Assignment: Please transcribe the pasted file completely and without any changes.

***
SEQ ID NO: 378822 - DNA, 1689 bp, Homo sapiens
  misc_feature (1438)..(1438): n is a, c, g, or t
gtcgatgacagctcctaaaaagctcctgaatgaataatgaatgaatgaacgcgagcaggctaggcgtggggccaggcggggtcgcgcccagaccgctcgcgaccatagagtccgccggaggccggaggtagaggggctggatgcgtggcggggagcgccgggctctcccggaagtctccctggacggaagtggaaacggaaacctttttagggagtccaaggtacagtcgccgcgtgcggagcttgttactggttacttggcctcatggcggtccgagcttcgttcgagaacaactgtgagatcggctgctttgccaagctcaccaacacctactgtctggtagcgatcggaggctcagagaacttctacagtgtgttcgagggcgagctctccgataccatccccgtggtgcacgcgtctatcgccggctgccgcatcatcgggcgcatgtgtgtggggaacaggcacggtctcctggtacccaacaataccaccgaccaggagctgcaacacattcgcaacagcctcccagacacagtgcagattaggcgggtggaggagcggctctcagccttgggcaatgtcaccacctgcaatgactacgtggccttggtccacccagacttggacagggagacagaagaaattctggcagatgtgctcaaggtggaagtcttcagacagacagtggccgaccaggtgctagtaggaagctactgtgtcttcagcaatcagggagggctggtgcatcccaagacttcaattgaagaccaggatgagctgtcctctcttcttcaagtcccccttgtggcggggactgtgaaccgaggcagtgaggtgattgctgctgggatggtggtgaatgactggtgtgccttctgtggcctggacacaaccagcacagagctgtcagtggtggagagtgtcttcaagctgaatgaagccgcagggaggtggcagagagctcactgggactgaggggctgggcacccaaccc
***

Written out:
SEQ ID NO: 378822 - DNA, 1689 bp, Homo sapiens
  misc_feature (1438)..(1438): n is a, c, g, or t
gtcgatgacagctcctaaaaagctcctgaatgaataatgaatgaatgaacgcgagcaggctaggcgtggggccaggcggggtcgcgcccagaccgctcgcgaccatagagtccgccggaggccggaggtagaggggctggatgcgtggcggggagcgccgggctctcccggaagtctccctggacggaagtggaaacggaaacctttttagggagtccaaggtacagtcgccgcgtgcggagcttgttactggttacttggcctcatggcggtccgagcttcgttcgagaacaactgtgagatcggctgctttgccaagctcaccaacacctactgtctggtagcgatcggaggctcagagaacttctacagtgtgttcgagggcgagctctccgataccatccccgtggtgcacgcgtctatcgccggctgccgcatcatcgggcgcatgtgtgtggggaacaggcacggtctcctggtacccaacaataccaccgaccaggagctgcaacacattcgcaacagcctcccagacacagtgcagattaggcgggtggaggagcggctctcagccttgggcaatgtcaccacctgcaatgactacgtggccttggtccacccagacttggacagggagacagaagaaattctggcagatgtgctcaaggtggaagtcttcagacagacagtggccgaccaggtgctagtaggaagctactgtgtcttcagcaatcagggagggctggtgcatcccaagacttcaattgaagaccaggatgagctgtcctctcttcttcaagtcccccttgtggcggggactgtgaaccgaggcagtgaggtgattgctgctgggatggtggtgaatgactggtgtgccttctgtggcctggacacaaccagcacagagctgtcagtggtggagagtgtcttcaagctgaatgaagccgcagggaggtggcagagagctcactgggactgaggggctgggcacccaaccc